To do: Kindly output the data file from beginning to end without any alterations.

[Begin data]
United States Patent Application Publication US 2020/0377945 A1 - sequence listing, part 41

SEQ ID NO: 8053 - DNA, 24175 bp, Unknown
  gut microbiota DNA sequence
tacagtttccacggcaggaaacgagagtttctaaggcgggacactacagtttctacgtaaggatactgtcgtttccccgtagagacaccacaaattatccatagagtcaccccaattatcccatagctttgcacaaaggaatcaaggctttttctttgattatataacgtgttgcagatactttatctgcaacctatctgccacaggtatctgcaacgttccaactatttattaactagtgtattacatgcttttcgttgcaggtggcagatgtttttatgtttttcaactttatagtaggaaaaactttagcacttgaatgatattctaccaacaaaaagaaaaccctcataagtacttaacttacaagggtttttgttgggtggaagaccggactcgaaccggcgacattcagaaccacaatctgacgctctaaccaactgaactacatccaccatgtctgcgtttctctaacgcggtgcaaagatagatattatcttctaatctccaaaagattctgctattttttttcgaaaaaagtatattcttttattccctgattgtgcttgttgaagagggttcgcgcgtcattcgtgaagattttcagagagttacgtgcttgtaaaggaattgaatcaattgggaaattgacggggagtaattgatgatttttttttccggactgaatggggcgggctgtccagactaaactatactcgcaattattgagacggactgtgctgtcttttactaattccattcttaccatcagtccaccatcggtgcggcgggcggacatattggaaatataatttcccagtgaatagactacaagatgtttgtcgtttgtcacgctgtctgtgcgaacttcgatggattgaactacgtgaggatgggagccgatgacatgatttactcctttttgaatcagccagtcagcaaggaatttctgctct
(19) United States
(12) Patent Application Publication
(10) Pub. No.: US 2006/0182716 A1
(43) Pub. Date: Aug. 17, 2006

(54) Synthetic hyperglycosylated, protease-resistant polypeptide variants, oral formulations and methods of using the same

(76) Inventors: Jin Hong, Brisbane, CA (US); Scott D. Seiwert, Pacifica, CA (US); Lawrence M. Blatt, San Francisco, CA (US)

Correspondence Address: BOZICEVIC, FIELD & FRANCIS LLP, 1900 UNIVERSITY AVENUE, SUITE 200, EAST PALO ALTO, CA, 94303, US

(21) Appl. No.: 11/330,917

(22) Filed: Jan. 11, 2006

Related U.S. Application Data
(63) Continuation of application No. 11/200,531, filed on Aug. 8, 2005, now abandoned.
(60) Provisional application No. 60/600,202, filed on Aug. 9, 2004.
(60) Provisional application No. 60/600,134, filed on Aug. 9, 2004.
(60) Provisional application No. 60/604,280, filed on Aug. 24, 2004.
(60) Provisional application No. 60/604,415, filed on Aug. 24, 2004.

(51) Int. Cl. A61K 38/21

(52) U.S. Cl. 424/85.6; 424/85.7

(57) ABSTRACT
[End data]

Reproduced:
United States Patent Application Publication US 2020/0377945 A1 - sequence listing, part 41

SEQ ID NO: 8053 - DNA, 24175 bp, Unknown
  gut microbiota DNA sequence
tacagtttccacggcaggaaacgagagtttctaaggcgggacactacagtttctacgtaaggatactgtcgtttccccgtagagacaccacaaattatccatagagtcaccccaattatcccatagctttgcacaaaggaatcaaggctttttctttgattatataacgtgttgcagatactttatctgcaacctatctgccacaggtatctgcaacgttccaactatttattaactagtgtattacatgcttttcgttgcaggtggcagatgtttttatgtttttcaactttatagtaggaaaaactttagcacttgaatgatattctaccaacaaaaagaaaaccctcataagtacttaacttacaagggtttttgttgggtggaagaccggactcgaaccggcgacattcagaaccacaatctgacgctctaaccaactgaactacatccaccatgtctgcgtttctctaacgcggtgcaaagatagatattatcttctaatctccaaaagattctgctattttttttcgaaaaaagtatattcttttattccctgattgtgcttgttgaagagggttcgcgcgtcattcgtgaagattttcagagagttacgtgcttgtaaaggaattgaatcaattgggaaattgacggggagtaattgatgatttttttttccggactgaatggggcgggctgtccagactaaactatactcgcaattattgagacggactgtgctgtcttttactaattccattcttaccatcagtccaccatcggtgcggcgggcggacatattggaaatataatttcccagtgaatagactacaagatgtttgtcgtttgtcacgctgtctgtgcgaacttcgatggattgaactacgtgaggatgggagccgatgacatgatttactcctttttgaatcagccagtcagcaaggaatttctgctct
(19) United States
(12) Patent Application Publication
(10) Pub. No.: US 2006/0182716 A1
(43) Pub. Date: Aug. 17, 2006

(54) Synthetic hyperglycosylated, protease-resistant polypeptide variants, oral formulations and methods of using the same

(76) Inventors: Jin Hong, Brisbane, CA (US); Scott D. Seiwert, Pacifica, CA (US); Lawrence M. Blatt, San Francisco, CA (US)

Correspondence Address: BOZICEVIC, FIELD & FRANCIS LLP, 1900 UNIVERSITY AVENUE, SUITE 200, EAST PALO ALTO, CA, 94303, US

(21) Appl. No.: 11/330,917

(22) Filed: Jan. 11, 2006

Related U.S. Application Data
(63) Continuation of application No. 11/200,531, filed on Aug. 8, 2005, now abandoned.
(60) Provisional application No. 60/600,202, filed on Aug. 9, 2004.
(60) Provisional application No. 60/600,134, filed on Aug. 9, 2004.
(60) Provisional application No. 60/604,280, filed on Aug. 24, 2004.
(60) Provisional application No. 60/604,415, filed on Aug. 24, 2004.

(51) Int. Cl. A61K 38/21

(52) U.S. Cl. 424/85.6; 424/85.7

(57) ABSTRACT